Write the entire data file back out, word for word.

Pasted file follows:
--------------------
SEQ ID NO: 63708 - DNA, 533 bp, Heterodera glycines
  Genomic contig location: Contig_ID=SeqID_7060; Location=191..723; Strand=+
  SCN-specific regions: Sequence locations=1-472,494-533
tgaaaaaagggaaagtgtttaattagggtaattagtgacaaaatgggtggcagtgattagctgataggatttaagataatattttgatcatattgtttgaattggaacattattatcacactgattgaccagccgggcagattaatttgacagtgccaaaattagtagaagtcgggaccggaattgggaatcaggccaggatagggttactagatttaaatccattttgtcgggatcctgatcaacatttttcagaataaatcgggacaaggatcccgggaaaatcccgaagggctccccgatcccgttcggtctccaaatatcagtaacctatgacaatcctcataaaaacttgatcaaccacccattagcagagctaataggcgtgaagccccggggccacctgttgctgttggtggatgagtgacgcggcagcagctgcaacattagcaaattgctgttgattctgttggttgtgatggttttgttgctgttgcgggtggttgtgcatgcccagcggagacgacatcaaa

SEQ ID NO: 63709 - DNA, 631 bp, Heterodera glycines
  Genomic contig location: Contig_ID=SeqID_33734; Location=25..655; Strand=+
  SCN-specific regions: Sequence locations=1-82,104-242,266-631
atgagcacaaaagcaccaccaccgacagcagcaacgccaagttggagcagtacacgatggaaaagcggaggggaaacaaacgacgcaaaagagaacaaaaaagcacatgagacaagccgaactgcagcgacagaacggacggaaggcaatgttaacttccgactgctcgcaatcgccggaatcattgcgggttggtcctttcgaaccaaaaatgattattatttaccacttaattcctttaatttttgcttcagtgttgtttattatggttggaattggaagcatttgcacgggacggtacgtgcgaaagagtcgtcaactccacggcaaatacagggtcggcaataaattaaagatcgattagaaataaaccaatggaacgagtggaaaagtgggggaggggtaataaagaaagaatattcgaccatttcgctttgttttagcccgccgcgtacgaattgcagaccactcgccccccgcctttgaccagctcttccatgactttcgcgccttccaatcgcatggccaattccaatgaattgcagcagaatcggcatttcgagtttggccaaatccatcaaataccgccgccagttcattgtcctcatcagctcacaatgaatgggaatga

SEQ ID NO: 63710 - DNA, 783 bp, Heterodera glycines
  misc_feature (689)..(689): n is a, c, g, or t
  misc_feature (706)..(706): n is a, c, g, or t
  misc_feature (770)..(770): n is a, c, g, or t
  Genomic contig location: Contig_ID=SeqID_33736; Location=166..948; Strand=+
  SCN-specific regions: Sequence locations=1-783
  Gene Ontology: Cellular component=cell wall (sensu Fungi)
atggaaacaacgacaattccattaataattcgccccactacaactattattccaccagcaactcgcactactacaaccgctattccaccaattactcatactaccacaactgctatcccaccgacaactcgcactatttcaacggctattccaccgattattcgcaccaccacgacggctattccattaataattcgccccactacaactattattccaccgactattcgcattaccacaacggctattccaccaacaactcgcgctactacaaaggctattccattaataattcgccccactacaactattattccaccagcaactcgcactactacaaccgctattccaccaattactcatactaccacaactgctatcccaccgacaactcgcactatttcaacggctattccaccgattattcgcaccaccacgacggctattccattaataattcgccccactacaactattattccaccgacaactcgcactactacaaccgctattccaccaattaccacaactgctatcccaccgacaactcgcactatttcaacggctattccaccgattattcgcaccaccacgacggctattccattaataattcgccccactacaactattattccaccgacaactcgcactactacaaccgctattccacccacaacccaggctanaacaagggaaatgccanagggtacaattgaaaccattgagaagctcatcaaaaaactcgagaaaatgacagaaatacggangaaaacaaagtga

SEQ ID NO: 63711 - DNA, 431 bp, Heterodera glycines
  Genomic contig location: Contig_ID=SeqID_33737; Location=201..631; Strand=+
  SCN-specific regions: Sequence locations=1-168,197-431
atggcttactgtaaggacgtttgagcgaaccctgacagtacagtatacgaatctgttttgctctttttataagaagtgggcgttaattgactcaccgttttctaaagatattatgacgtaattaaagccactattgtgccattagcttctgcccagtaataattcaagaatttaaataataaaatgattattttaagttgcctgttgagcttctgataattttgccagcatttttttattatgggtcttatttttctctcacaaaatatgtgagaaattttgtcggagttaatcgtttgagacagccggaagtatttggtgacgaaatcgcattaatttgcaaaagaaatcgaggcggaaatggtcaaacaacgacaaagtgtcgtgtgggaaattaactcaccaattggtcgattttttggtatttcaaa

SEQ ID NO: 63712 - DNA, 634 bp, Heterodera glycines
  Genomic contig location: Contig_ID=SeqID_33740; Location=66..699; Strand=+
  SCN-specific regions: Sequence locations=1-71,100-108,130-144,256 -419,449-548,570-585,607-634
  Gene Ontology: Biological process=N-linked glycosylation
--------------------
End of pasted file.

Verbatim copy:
SEQ ID NO: 63708 - DNA, 533 bp, Heterodera glycines
  Genomic contig location: Contig_ID=SeqID_7060; Location=191..723; Strand=+
  SCN-specific regions: Sequence locations=1-472,494-533
tgaaaaaagggaaagtgtttaattagggtaattagtgacaaaatgggtggcagtgattagctgataggatttaagataatattttgatcatattgtttgaattggaacattattatcacactgattgaccagccgggcagattaatttgacagtgccaaaattagtagaagtcgggaccggaattgggaatcaggccaggatagggttactagatttaaatccattttgtcgggatcctgatcaacatttttcagaataaatcgggacaaggatcccgggaaaatcccgaagggctccccgatcccgttcggtctccaaatatcagtaacctatgacaatcctcataaaaacttgatcaaccacccattagcagagctaataggcgtgaagccccggggccacctgttgctgttggtggatgagtgacgcggcagcagctgcaacattagcaaattgctgttgattctgttggttgtgatggttttgttgctgttgcgggtggttgtgcatgcccagcggagacgacatcaaa

SEQ ID NO: 63709 - DNA, 631 bp, Heterodera glycines
  Genomic contig location: Contig_ID=SeqID_33734; Location=25..655; Strand=+
  SCN-specific regions: Sequence locations=1-82,104-242,266-631
atgagcacaaaagcaccaccaccgacagcagcaacgccaagttggagcagtacacgatggaaaagcggaggggaaacaaacgacgcaaaagagaacaaaaaagcacatgagacaagccgaactgcagcgacagaacggacggaaggcaatgttaacttccgactgctcgcaatcgccggaatcattgcgggttggtcctttcgaaccaaaaatgattattatttaccacttaattcctttaatttttgcttcagtgttgtttattatggttggaattggaagcatttgcacgggacggtacgtgcgaaagagtcgtcaactccacggcaaatacagggtcggcaataaattaaagatcgattagaaataaaccaatggaacgagtggaaaagtgggggaggggtaataaagaaagaatattcgaccatttcgctttgttttagcccgccgcgtacgaattgcagaccactcgccccccgcctttgaccagctcttccatgactttcgcgccttccaatcgcatggccaattccaatgaattgcagcagaatcggcatttcgagtttggccaaatccatcaaataccgccgccagttcattgtcctcatcagctcacaatgaatgggaatga

SEQ ID NO: 63710 - DNA, 783 bp, Heterodera glycines
  misc_feature (689)..(689): n is a, c, g, or t
  misc_feature (706)..(706): n is a, c, g, or t
  misc_feature (770)..(770): n is a, c, g, or t
  Genomic contig location: Contig_ID=SeqID_33736; Location=166..948; Strand=+
  SCN-specific regions: Sequence locations=1-783
  Gene Ontology: Cellular component=cell wall (sensu Fungi)
atggaaacaacgacaattccattaataattcgccccactacaactattattccaccagcaactcgcactactacaaccgctattccaccaattactcatactaccacaactgctatcccaccgacaactcgcactatttcaacggctattccaccgattattcgcaccaccacgacggctattccattaataattcgccccactacaactattattccaccgactattcgcattaccacaacggctattccaccaacaactcgcgctactacaaaggctattccattaataattcgccccactacaactattattccaccagcaactcgcactactacaaccgctattccaccaattactcatactaccacaactgctatcccaccgacaactcgcactatttcaacggctattccaccgattattcgcaccaccacgacggctattccattaataattcgccccactacaactattattccaccgacaactcgcactactacaaccgctattccaccaattaccacaactgctatcccaccgacaactcgcactatttcaacggctattccaccgattattcgcaccaccacgacggctattccattaataattcgccccactacaactattattccaccgacaactcgcactactacaaccgctattccacccacaacccaggctanaacaagggaaatgccanagggtacaattgaaaccattgagaagctcatcaaaaaactcgagaaaatgacagaaatacggangaaaacaaagtga

SEQ ID NO: 63711 - DNA, 431 bp, Heterodera glycines
  Genomic contig location: Contig_ID=SeqID_33737; Location=201..631; Strand=+
  SCN-specific regions: Sequence locations=1-168,197-431
atggcttactgtaaggacgtttgagcgaaccctgacagtacagtatacgaatctgttttgctctttttataagaagtgggcgttaattgactcaccgttttctaaagatattatgacgtaattaaagccactattgtgccattagcttctgcccagtaataattcaagaatttaaataataaaatgattattttaagttgcctgttgagcttctgataattttgccagcatttttttattatgggtcttatttttctctcacaaaatatgtgagaaattttgtcggagttaatcgtttgagacagccggaagtatttggtgacgaaatcgcattaatttgcaaaagaaatcgaggcggaaatggtcaaacaacgacaaagtgtcgtgtgggaaattaactcaccaattggtcgattttttggtatttcaaa

SEQ ID NO: 63712 - DNA, 634 bp, Heterodera glycines
  Genomic contig location: Contig_ID=SeqID_33740; Location=66..699; Strand=+
  SCN-specific regions: Sequence locations=1-71,100-108,130-144,256 -419,449-548,570-585,607-634
  Gene Ontology: Biological process=N-linked glycosylation